Last week, we celebrated the annual World Breastfeeding Week, raising awareness and support for mothers to breastfeed anytime, anywhere. The promotion of early initiation of breastfeeding, exclusive breastfeeding and timely and safe complementary feeding, have been identified as essential practices to tackle the double burden of malnutrition. These are not new approaches and are key UNICEF and WHO recommendations for optimal infant nutrition. The immediate and long-term benefits of breastfeeding to the mother, child, economy and populations have been well supported by an overwhelming body of evidence.
In 2013, the Lancet series on Maternal and Child Nutrition reported that annually, 3.1 million child deaths were as a result of insufficient breastfeeding, maternal under-nutrition, stunting, wasting and deficiencies in essential nutrients. In addition to the heavy impact on child mortality, childhood stunting has also been attributed to obesity and non-communicable diseases in adulthood and is the result of maternal under-nutrition and infant under-nutrition in the first two years of life.
The global strategy addressing maternal and child malnutrition targets the first 1000 days of life (from pregnancy to two years of age) as having the greatest impact on a child’s ability to develop, grow and learn. This is termed the crucial “window of opportunity” in which an undernourished child has the capacity to get back onto their genetic growth trajectory when given essential nutritional support. Recent studies prove that universal breastfeeding alone can prevent as many as 823,000 child deaths and 20,000 maternal deaths each year.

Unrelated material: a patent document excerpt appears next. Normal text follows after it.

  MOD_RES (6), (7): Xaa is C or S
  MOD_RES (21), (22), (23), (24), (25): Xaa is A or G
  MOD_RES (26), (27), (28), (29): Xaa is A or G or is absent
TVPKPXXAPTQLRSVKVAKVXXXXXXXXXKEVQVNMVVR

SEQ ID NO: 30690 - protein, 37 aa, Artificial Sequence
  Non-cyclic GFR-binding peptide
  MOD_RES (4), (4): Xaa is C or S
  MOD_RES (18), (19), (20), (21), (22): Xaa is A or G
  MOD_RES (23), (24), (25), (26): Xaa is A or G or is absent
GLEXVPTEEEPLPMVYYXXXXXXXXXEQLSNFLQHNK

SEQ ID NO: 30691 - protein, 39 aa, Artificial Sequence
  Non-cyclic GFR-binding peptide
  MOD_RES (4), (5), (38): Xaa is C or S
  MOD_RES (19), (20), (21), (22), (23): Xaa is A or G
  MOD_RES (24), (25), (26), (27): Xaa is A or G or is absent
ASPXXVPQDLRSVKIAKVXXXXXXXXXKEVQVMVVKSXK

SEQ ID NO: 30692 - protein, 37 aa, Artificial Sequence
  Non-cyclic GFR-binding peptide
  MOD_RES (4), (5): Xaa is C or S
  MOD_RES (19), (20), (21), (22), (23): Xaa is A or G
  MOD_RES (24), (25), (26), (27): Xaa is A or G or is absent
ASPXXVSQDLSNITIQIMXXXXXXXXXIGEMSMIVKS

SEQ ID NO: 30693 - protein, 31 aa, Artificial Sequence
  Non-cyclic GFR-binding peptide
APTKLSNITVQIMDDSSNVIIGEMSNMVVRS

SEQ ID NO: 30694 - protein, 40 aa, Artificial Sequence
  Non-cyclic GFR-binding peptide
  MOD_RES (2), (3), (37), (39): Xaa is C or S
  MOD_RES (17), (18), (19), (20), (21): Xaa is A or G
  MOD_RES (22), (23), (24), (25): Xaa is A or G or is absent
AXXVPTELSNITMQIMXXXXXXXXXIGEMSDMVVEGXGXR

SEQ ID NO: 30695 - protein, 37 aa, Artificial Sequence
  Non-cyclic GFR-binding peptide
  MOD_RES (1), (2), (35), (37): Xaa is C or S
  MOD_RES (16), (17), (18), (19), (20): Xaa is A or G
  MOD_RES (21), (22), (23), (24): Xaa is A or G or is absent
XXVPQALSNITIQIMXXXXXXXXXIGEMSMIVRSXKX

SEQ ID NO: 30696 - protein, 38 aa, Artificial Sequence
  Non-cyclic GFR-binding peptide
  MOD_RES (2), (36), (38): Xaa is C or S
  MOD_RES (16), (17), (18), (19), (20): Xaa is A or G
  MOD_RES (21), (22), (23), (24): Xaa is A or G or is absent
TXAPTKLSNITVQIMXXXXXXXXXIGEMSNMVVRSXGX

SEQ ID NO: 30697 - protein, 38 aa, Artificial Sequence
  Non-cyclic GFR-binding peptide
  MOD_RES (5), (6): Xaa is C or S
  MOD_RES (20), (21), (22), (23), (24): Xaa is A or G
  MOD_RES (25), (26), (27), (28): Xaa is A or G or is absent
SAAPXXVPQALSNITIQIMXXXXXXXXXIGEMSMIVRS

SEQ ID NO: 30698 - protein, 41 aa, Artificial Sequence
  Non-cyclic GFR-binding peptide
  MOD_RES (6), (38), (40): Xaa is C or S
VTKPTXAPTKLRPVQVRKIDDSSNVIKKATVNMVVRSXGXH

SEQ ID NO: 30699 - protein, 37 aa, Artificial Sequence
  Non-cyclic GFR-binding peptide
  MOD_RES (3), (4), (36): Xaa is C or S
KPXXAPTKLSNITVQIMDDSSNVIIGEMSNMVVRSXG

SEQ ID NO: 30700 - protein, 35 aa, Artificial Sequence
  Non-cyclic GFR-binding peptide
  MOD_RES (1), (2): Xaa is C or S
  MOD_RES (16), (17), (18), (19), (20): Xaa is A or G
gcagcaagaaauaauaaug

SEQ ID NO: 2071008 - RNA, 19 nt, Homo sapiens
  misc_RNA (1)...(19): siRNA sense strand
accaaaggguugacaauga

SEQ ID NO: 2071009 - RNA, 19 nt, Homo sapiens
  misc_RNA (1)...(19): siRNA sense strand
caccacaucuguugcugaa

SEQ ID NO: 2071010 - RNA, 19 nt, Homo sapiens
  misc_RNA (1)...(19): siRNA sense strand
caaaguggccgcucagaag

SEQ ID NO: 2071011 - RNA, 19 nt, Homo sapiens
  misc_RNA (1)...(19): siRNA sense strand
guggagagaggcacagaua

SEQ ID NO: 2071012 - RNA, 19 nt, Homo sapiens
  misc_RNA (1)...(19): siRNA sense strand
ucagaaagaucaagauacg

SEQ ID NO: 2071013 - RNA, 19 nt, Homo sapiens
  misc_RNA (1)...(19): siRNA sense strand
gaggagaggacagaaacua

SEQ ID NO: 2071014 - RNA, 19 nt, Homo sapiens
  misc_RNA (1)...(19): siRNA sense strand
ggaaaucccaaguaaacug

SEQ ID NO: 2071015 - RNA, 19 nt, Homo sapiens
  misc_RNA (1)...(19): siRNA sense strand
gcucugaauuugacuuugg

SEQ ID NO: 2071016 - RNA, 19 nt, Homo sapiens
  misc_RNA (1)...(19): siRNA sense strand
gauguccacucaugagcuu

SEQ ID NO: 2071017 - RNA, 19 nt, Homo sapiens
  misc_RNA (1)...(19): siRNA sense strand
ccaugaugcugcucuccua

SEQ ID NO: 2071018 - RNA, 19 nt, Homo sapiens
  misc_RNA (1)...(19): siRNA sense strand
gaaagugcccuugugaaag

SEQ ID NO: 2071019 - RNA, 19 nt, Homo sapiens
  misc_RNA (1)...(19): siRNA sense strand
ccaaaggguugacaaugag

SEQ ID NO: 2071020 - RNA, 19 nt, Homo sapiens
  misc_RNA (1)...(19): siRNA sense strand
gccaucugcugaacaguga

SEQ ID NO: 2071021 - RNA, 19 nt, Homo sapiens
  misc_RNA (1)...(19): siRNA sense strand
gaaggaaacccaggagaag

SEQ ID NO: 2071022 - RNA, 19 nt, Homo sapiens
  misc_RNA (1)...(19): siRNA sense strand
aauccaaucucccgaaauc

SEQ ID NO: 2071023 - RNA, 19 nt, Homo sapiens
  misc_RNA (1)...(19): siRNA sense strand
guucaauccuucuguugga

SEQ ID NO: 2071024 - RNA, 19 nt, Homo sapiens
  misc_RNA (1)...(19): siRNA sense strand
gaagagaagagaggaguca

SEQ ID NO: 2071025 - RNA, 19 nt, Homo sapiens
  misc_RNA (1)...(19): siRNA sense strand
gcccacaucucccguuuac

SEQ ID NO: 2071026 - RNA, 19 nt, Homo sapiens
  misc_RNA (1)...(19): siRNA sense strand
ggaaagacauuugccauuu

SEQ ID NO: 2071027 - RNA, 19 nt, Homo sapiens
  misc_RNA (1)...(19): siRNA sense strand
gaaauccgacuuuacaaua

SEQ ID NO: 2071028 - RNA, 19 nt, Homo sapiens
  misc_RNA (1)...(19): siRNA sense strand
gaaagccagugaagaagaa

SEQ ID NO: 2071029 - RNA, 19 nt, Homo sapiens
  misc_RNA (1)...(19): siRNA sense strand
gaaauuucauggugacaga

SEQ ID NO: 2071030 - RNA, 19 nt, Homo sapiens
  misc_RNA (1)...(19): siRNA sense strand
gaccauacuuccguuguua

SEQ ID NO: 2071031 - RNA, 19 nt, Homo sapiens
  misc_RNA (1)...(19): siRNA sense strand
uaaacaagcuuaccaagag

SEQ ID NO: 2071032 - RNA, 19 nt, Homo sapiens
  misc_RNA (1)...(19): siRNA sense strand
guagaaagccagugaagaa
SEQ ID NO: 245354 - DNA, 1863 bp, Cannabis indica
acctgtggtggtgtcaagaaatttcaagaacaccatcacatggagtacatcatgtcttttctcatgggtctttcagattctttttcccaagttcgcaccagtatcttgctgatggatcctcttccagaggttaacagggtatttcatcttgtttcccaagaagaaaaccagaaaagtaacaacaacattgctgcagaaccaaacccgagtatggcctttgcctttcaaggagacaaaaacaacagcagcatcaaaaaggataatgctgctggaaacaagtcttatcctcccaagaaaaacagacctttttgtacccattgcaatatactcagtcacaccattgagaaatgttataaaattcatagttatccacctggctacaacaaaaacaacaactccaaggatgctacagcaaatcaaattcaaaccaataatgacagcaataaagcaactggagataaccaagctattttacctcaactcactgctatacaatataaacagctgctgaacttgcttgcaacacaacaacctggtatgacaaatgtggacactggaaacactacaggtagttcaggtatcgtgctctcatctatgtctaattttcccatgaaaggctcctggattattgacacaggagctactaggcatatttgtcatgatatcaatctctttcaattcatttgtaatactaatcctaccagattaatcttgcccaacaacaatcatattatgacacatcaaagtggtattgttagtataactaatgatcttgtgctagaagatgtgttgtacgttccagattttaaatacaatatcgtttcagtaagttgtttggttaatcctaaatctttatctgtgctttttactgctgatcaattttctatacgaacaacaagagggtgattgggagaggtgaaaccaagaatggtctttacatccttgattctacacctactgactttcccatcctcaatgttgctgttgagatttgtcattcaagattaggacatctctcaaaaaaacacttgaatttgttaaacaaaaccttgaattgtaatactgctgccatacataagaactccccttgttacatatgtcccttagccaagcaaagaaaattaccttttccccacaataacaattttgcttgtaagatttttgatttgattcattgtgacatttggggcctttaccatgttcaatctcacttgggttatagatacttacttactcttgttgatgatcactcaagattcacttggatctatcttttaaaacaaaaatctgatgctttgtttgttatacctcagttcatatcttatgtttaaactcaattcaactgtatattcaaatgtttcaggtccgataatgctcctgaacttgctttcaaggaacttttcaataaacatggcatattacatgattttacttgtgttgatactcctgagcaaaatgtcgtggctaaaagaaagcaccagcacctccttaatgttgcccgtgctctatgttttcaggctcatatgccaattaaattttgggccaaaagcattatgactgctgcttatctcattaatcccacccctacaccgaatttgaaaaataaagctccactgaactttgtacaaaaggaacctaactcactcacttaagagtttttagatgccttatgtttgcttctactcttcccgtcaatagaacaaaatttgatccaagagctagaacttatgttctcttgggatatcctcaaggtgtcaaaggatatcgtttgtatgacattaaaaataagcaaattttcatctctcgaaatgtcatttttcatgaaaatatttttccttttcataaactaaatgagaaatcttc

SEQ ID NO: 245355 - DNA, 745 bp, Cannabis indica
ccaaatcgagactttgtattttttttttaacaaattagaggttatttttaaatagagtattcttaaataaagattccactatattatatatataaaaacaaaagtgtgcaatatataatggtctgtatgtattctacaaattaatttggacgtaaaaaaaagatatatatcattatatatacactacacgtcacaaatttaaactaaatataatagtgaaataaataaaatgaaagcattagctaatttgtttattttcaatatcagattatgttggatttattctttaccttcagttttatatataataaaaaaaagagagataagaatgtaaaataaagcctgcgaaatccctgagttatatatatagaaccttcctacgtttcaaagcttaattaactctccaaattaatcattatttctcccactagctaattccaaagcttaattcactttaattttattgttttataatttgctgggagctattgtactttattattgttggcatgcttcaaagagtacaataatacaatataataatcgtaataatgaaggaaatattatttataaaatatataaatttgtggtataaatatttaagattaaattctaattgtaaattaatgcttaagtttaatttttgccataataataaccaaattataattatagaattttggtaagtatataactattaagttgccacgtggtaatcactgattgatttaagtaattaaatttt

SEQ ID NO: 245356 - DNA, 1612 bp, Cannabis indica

Involving fathers in breastfeeding education is recognised as an important factor influencing the practice of exclusive breastfeeding in developed countries. Research has shown that fathers have a major impact on their partner’s decision to start and continue breastfeeding and that fathers are interested in and want to participate and support the mother.
However, gaps remain in the uptake of exclusive breastfeeding and optimal infant and young child feeding practices, especially in low-income countries. Research cites poor government policies, limited community support and aggressive formula marketing as contributing factors. The social and economic barriers to exclusive breastfeeding in low-income countries have been assessed with gender inequality, social influence and traditional practices shown to hinder feeding practices.
Involving fathers in maternal and child nutrition isn’t a new idea but requires the challenging of societal norms in order to achieve gains of stronger families and the promotion of gender equality. Growing research and paradigm shifts in restricted gender roles, sees male engagement integral for complex public health interventions traditionally targeting females-only in developing countries. Public health interventions such as those aimed at reducing gender-based violence and prevention of mother-to-child transmission of HIV with complexities of social, cultural and economic challenges, have seen success with the assessment of power and gender roles, inclusion of communities and both male and female partners.
Viewing men as “agents of positive change” rather than obstacles, along with identifying how best to target interventions and messaging for a given population, have proven successful approaches to increase exclusive breastfeeding support. Including positive images of men and women both participating in caring activities for their children helped to promote the national ‘Zero Malnutrition’ programme in Bolivia, proving that it is not necessary to create complicated or costly campaigns to elicit positive change.
Engaging fathers in a meaningful way can be a critical link in addressing the double burden of malnutrition in developing countries. With the potential for greater parental knowledge on best infant feeding practices, joint decision-making and strengthened family units, we create the opportunity for crucial support to breastfeeding mothers.
Let’s commit to protect, promote and support breastfeeding for a sustainable world.
The writer is a public health specialist